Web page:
The Wrong Way to Market Social Media
Entrepreneur Kevin Ready tells a sadly humorous social media story in his book StartUp: An Insider's Guide to Launching and Running a Business. The airport parking company that he uses has a shuttle bus that runs from the lot to the airport terminal. Plastered on the bus windows are posters that say: “Like us on Facebook. Plus us on Google. Follow us on Twitter.”
"This makes sense doesn’t it?" asks Kevin. "Not. Let’s break it down.
A. Somebody at the parking company has been tasked with the job of handling social media.
B. Second, that person’s boss has probably established some sense of the metrics in the space: likes, plusses, and follows.
C. Since this is what the social media person is being measured on, he or she creates the sign as described and posts it in the bus.
D. The irony is that they've 'missed the bus' with the marketing collateral that she just made."
"Simple," says Kevin. "They're telling customers what the company wants. Why would any customer ever care what the company or someone's boss wants? Why, why, why? I would not be surprised if out of 50,000 customers per month in those busses nationwide, not a single one ever responds to this poster as it is written."
Every company needs to compose messages that get customers to do what the company needs done. But you shouldn't confuse your need with the customer's.
So what should the company have done? Kevin offers a three-point strategy:
1. Start with “why.” Under what circumstances would customers ever want to interact with messaging from her brand? What do they need? What are they interested in?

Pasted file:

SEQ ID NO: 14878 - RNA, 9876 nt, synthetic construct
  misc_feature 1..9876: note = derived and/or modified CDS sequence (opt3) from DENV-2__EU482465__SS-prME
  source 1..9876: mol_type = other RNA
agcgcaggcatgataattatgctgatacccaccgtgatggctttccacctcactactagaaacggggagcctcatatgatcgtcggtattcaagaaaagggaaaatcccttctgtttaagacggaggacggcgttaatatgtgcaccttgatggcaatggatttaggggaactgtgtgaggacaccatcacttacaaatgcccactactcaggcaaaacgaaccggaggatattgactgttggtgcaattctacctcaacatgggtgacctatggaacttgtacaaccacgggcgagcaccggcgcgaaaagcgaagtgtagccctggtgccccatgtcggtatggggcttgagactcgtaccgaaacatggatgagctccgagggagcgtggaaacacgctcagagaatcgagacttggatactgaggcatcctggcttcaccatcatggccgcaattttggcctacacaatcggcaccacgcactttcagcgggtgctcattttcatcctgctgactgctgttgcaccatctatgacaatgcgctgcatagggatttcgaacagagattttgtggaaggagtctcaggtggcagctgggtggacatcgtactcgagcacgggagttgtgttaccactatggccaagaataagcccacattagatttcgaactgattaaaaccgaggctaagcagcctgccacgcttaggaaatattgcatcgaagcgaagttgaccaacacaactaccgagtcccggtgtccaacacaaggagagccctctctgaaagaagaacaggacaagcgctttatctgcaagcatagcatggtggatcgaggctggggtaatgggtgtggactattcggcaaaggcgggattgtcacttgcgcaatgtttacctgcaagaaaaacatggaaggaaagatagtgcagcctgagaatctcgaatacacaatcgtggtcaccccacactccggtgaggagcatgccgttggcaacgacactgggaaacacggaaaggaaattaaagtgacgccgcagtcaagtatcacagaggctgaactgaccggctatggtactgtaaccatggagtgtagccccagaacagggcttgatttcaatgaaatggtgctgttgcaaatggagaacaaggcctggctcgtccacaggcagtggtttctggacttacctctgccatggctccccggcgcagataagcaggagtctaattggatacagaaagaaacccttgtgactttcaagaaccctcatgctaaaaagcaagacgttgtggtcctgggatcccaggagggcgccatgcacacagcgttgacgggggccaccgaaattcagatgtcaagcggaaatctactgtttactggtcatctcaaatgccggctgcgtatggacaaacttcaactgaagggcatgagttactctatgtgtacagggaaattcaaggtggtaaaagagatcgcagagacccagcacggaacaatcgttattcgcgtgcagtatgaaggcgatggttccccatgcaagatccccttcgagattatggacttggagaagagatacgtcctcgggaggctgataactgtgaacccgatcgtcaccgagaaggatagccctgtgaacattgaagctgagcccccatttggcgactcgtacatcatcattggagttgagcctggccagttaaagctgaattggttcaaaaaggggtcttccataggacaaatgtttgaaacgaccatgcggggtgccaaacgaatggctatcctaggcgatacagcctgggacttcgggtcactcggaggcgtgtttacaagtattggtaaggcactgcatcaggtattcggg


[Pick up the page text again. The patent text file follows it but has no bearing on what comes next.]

2. After identifying possible whys, evaluate your resources and see how you can provide a solution to one or more of them. This is the process of building a value proposition around that why. The mantra here is, “Provide value. Provide value.”
3. Finally, follow up by attaching the desired actions (in this case, like, plus, and follow) to that value proposition.
How about these?
“Get one free day of parking! Just ‘like’ us on Facebook to receive your coupon.” (Value plus desired action)
“Love Hawaii? So do we! We are sending two lucky families to Oahu—just follow us on Twitter and we will enter you to win!” (Value plus desired action)
“A lizard in a suitcase? The funniest travel stories ever told—only on our Facebook page.” (Value plus desired action)
By providing value, and arranging the message in such a way that customers who are interested in the value do what you are asking them to do, you greatly increase your chances of getting customer buy-in.